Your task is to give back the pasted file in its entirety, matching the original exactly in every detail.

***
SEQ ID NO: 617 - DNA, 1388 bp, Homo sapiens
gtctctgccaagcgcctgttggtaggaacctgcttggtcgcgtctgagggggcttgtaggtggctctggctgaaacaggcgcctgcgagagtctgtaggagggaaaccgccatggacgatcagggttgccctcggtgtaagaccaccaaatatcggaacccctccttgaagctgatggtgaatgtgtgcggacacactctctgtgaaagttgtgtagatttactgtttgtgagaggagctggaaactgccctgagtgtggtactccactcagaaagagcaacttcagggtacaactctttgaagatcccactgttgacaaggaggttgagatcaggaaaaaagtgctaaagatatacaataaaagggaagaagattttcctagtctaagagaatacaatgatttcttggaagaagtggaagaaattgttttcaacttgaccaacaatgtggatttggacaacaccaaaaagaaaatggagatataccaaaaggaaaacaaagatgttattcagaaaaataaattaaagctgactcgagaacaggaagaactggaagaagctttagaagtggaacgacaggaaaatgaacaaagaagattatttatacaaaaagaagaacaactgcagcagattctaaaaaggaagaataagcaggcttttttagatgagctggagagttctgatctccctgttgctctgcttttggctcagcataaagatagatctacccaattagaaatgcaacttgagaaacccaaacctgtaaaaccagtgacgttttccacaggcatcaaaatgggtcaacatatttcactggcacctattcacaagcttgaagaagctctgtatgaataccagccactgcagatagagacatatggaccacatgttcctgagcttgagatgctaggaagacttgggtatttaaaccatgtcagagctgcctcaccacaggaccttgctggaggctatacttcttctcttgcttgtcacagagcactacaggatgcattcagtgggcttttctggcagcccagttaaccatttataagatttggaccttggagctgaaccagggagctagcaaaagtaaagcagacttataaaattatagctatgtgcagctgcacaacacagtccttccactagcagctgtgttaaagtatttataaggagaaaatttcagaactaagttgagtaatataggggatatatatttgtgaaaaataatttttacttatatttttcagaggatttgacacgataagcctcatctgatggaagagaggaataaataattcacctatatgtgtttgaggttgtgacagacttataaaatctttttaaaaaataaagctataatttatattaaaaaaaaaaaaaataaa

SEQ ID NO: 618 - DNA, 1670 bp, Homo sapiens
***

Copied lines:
SEQ ID NO: 617 - DNA, 1388 bp, Homo sapiens
gtctctgccaagcgcctgttggtaggaacctgcttggtcgcgtctgagggggcttgtaggtggctctggctgaaacaggcgcctgcgagagtctgtaggagggaaaccgccatggacgatcagggttgccctcggtgtaagaccaccaaatatcggaacccctccttgaagctgatggtgaatgtgtgcggacacactctctgtgaaagttgtgtagatttactgtttgtgagaggagctggaaactgccctgagtgtggtactccactcagaaagagcaacttcagggtacaactctttgaagatcccactgttgacaaggaggttgagatcaggaaaaaagtgctaaagatatacaataaaagggaagaagattttcctagtctaagagaatacaatgatttcttggaagaagtggaagaaattgttttcaacttgaccaacaatgtggatttggacaacaccaaaaagaaaatggagatataccaaaaggaaaacaaagatgttattcagaaaaataaattaaagctgactcgagaacaggaagaactggaagaagctttagaagtggaacgacaggaaaatgaacaaagaagattatttatacaaaaagaagaacaactgcagcagattctaaaaaggaagaataagcaggcttttttagatgagctggagagttctgatctccctgttgctctgcttttggctcagcataaagatagatctacccaattagaaatgcaacttgagaaacccaaacctgtaaaaccagtgacgttttccacaggcatcaaaatgggtcaacatatttcactggcacctattcacaagcttgaagaagctctgtatgaataccagccactgcagatagagacatatggaccacatgttcctgagcttgagatgctaggaagacttgggtatttaaaccatgtcagagctgcctcaccacaggaccttgctggaggctatacttcttctcttgcttgtcacagagcactacaggatgcattcagtgggcttttctggcagcccagttaaccatttataagatttggaccttggagctgaaccagggagctagcaaaagtaaagcagacttataaaattatagctatgtgcagctgcacaacacagtccttccactagcagctgtgttaaagtatttataaggagaaaatttcagaactaagttgagtaatataggggatatatatttgtgaaaaataatttttacttatatttttcagaggatttgacacgataagcctcatctgatggaagagaggaataaataattcacctatatgtgtttgaggttgtgacagacttataaaatctttttaaaaaataaagctataatttatattaaaaaaaaaaaaaataaa

SEQ ID NO: 618 - DNA, 1670 bp, Homo sapiens